Britain c. 802 was divided among competing groups, with most of England controlled by the Germanic Angles, Saxons & Jutes and Scotland divided between the Picts (the kingdom of Fortriu) & the Gaels (the kingdom of Dalriada) from Ireland who together combined to form the basis of the Scottish nation. 'Britons' here means the Celtic peoples -- including the Welsh in Wales & the Cornish in Cornwall (here labeled 'West Wales') -- pushed out of England by the Germanic tribes.
The Danelaw, as recorded in the Anglo-Saxon Chronicle (also known as the Danelagh; Old English: Dena lagu; Danish: Danelagen), is a historical name given to the part of England in which the laws of the "Danes" held sway and dominated those of the Anglo-Saxons. It is contrasted with "West Saxon law" and "Mercian law". The term has been extended by modern historians to be geographical.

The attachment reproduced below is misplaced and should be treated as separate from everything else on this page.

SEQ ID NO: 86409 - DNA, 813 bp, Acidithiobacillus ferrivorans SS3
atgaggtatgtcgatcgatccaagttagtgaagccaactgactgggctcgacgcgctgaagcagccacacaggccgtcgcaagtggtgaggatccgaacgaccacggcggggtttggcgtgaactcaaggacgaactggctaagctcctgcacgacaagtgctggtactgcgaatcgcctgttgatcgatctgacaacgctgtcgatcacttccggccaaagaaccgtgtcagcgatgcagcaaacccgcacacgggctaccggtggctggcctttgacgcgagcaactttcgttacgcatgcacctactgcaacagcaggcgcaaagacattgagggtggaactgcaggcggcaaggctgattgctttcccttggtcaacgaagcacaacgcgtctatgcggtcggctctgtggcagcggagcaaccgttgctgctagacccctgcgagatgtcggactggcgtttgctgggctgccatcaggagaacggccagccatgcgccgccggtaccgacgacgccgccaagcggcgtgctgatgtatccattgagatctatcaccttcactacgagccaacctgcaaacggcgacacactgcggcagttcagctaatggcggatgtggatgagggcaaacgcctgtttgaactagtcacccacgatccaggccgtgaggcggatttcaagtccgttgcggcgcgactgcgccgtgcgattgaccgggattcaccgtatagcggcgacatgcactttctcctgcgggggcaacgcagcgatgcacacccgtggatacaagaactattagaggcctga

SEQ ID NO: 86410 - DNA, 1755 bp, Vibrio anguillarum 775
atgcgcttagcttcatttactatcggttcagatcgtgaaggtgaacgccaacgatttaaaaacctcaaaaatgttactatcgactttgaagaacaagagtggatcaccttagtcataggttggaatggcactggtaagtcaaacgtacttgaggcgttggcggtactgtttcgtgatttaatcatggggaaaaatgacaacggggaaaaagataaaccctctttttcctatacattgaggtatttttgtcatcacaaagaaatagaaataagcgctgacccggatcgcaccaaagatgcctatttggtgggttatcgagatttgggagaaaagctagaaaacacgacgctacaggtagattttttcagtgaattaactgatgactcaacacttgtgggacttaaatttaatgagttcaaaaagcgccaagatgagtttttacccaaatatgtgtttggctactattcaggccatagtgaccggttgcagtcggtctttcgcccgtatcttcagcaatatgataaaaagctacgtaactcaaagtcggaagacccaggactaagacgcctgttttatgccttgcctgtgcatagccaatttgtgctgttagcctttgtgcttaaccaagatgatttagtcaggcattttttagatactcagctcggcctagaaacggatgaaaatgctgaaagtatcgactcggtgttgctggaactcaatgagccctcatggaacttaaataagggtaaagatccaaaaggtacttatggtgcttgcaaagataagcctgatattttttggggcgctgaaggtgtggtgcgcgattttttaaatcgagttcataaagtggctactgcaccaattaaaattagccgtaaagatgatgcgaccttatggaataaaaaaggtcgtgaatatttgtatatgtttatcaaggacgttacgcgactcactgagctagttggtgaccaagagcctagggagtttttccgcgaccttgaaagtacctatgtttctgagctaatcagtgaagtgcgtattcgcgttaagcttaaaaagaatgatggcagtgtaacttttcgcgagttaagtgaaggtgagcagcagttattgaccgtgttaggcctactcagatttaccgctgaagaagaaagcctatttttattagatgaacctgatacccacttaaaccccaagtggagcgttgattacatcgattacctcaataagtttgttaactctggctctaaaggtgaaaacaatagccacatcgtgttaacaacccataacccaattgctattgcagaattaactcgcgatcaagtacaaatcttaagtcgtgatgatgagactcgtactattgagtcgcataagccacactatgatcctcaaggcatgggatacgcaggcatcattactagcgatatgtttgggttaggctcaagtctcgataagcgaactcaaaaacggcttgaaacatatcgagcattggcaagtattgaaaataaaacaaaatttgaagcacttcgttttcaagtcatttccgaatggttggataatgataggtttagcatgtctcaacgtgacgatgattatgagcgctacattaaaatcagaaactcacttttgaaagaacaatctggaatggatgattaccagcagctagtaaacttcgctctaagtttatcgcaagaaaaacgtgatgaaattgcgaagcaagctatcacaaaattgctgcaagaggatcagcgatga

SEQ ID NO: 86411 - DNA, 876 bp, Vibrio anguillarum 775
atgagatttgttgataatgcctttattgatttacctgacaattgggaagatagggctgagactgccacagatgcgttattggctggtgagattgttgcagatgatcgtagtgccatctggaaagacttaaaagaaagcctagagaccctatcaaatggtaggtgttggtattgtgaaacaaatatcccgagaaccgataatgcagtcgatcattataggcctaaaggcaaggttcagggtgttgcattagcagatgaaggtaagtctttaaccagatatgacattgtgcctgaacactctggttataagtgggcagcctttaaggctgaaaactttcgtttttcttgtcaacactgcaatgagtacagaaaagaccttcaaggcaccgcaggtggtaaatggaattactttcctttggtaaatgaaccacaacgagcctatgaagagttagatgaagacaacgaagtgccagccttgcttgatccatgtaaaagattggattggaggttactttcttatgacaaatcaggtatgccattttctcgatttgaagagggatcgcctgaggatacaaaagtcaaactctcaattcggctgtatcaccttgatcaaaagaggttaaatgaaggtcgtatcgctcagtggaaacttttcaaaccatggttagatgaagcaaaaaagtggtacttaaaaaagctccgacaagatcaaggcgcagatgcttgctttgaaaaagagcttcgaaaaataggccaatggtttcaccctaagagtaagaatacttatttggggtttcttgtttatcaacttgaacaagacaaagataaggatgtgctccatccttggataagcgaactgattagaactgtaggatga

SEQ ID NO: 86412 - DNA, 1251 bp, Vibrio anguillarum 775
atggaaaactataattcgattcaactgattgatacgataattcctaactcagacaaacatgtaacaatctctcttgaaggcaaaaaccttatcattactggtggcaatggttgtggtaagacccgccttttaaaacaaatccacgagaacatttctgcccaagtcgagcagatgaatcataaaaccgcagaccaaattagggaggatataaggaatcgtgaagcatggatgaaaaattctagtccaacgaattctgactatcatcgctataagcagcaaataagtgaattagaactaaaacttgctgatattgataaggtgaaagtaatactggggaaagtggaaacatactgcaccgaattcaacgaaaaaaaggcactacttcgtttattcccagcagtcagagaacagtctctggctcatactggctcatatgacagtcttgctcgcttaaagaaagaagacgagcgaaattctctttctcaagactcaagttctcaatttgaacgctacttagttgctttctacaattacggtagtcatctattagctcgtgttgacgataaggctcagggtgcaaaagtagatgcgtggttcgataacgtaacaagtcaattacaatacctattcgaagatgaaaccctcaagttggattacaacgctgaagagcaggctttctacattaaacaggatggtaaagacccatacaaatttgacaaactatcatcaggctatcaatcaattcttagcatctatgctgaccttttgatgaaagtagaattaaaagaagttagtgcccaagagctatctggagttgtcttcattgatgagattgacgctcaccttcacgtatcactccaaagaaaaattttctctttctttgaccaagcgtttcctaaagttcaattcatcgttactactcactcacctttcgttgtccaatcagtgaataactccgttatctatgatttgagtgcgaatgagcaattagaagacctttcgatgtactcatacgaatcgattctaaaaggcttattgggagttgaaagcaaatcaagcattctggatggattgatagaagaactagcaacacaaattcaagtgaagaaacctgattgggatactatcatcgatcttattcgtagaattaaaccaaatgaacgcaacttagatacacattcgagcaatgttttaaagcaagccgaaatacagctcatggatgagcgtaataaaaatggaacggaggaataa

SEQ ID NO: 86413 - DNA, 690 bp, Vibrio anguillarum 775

Celtic map. Celts or Kelts were an ethno-linguistic group of tribal societies in Iron Age and Medieval Europe who spoke Celtic languages and had a similar culture, although the relationship between the those elements remains controversial. Today, the term Celtic generally refers to the languages and respective cultures of Ireland, Scotland, Wales, Cornwall, the Isle of Man, and Brittany, also known as the Six Celtic Nations. These are the regions where four Celtic languages are still spoken.